Status: Not Free
Legal Environment: 18 (of 30)
Political Environment: 25 (of 40)
Economic Environment: 22 (of 30)
Total Score: 65 (of 100)
(Lower scores = freer)

Liberia's 1986 constitution guarantees that citizens enjoy freedom of expression, "being fully responsible for the abuse thereof." This opaque clause helped the Charles Taylor regime harass the media with a semblance of legitimacy during his presidency. While the situation has undeniably improved with the recently elected administration of Ellen Johnson-Sirleaf, threats to freedom of the press are still not uncommon. Hopes for a media reform bill that would improve legal protections for media practitioners and a more progressive freedom of information bill have dwindled. Both were introduced into the legislature in 2005 and neither have made much subsequent progress. Constitutional guarantees for access to information are vague; access to budgetary and financial information, in particular, remains difficult owing to bureaucratic inefficiencies and frequent requests for additional payment from civil servants involved. Strict libel laws are also still in place; in 2007 these were used by one media practitioner to prosecute a number of his colleagues. In October, Ambrose Nmah, the general manager of Renaissance Communication Incorporated, sued six other journalists in a variety of media houses for libel. This followed their simultaneous publication of a statement calling on the Liberian Press Union to investigate Nmah following comments he made on a radio program justifying the use of force by the police against journalists. While no progress had been made in the trial at year's end, Nmah is demanding $10,000 for the damage done to his reputation.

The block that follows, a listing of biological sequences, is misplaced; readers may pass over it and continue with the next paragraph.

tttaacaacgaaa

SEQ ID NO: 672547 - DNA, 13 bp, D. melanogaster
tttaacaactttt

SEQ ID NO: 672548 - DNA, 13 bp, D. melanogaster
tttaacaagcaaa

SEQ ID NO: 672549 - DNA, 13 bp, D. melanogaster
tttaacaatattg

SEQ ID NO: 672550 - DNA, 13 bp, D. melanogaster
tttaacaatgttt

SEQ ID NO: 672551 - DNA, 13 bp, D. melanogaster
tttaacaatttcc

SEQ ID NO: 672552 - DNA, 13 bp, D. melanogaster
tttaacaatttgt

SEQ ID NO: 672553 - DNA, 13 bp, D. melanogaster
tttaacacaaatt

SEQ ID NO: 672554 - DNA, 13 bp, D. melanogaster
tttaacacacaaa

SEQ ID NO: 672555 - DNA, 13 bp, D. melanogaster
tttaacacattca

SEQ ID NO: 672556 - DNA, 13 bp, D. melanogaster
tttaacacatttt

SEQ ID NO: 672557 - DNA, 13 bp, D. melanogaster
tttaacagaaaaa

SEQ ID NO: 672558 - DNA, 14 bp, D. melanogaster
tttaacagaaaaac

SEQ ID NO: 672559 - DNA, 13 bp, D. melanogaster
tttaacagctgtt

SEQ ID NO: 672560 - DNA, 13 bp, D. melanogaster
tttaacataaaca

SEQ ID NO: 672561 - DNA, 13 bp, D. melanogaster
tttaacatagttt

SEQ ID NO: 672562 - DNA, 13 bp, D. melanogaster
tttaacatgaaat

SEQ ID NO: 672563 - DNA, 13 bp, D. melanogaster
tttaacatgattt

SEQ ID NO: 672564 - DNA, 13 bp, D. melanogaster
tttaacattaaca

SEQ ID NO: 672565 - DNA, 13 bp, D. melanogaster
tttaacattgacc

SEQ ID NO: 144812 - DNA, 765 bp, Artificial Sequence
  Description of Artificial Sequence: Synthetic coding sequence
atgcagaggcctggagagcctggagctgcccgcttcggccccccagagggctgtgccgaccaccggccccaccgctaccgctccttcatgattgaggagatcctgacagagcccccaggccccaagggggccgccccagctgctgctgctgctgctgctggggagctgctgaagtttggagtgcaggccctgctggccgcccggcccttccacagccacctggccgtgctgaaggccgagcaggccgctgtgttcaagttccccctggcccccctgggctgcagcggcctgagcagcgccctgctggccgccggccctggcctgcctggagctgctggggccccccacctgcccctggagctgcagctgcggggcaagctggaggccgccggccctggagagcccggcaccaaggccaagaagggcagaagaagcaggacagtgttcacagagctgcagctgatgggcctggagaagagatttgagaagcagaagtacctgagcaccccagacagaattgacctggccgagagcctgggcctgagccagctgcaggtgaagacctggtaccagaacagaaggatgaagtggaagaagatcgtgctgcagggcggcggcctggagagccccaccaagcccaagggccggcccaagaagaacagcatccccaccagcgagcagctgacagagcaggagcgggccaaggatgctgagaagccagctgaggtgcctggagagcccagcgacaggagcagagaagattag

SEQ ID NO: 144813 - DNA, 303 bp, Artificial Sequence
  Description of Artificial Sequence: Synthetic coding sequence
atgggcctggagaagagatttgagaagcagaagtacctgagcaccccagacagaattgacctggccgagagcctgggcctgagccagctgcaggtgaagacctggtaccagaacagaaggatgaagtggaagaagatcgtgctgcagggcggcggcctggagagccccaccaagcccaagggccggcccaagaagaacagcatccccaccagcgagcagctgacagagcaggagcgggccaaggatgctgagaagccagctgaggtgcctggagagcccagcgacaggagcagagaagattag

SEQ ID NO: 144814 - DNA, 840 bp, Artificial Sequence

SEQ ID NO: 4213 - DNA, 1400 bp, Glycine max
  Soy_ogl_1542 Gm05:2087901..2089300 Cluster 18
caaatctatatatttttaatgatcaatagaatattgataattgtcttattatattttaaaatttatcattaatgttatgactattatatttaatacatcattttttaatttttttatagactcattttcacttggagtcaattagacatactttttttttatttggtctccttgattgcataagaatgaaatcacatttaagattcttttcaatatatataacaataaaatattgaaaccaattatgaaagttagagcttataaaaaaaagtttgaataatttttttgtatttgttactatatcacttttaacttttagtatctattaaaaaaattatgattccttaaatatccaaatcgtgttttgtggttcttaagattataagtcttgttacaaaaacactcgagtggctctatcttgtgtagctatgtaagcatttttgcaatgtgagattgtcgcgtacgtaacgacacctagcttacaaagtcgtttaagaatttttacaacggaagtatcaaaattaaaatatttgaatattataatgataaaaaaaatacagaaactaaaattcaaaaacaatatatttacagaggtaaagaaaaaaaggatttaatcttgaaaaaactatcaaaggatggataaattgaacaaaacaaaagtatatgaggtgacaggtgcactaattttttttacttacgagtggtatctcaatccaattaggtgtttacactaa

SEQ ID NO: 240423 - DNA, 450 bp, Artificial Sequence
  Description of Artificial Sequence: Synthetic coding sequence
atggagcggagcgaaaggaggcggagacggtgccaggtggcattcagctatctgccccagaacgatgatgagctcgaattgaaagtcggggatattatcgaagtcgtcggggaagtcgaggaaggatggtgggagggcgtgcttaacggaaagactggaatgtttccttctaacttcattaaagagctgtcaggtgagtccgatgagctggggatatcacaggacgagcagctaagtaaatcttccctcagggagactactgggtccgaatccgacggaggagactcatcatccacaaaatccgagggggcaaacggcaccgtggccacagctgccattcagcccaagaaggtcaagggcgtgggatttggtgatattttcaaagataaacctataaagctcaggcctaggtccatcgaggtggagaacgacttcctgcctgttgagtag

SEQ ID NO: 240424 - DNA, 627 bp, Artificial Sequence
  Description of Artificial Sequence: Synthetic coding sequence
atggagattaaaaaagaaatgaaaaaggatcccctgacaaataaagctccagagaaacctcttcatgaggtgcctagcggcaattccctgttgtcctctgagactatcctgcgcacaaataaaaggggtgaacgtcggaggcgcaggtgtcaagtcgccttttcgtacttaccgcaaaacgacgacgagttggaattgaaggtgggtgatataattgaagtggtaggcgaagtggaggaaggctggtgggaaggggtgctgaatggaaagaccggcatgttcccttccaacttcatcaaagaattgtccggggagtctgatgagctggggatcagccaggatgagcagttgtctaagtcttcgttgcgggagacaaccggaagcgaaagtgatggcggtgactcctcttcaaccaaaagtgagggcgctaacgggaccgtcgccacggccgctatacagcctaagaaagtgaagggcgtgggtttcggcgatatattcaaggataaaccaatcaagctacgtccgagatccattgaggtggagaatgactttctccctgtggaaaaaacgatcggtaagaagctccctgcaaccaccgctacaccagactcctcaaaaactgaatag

The media also faced threats from a number of different directions. Throughout 2007, journalists and the media houses they worked for were threatened, harassed, beaten, detained, censored, banned, and accused of broadcasting hate messages. The government played a role in a number of these, most notably its announcement in October that from that point on the president's press secretary and the ministry of information would select the individual reporters who would cover the president. The rest of the media would be banned from doing so. Earlier, in February the government banned the private newspaper The Independent for a full year after it published an explicit photo of the minister of presidential affairs having sex with two women in 2006. After receiving a number of death threats and forced to go into hiding, the paper's editor, Sam Dean, took the issue to court and eventually won. The paper began publishing again in May. As in 2006, a number of journalists – this time both local and international – were harassed or beaten by the police of the president's security forces in 2007. In September, while attempting to cover the arrival of the Sierra Leonean president to Liberia for the signing of a non-aggression treaty, security forces harassed a number of reporters, including correspondents with the BBC, RFI, and Reuters as well a local journalists. Similarly, in September a journalist with the Daily Observer was beaten and detained by police while trying to cover one of their drug busting operations. These and other similar incidents throughout the year seriously threaten the success and stability that has been achieved over the last few years.

Despite these attacks, Liberian journalists still regularly report critically about the government and other politicians and the country's media certainly offers a diversity of views and perspectives. Within the capital there are about a dozen newspapers publishing, one of which is owned by the state, and 15 or so independent radio station. Bribery and corruption is an issue as they payment for journalists is so little. Access to the internet is unrestricted by the government but is severely limited by the dire financial situation of most Liberians to less than 0.5 percent of the population.

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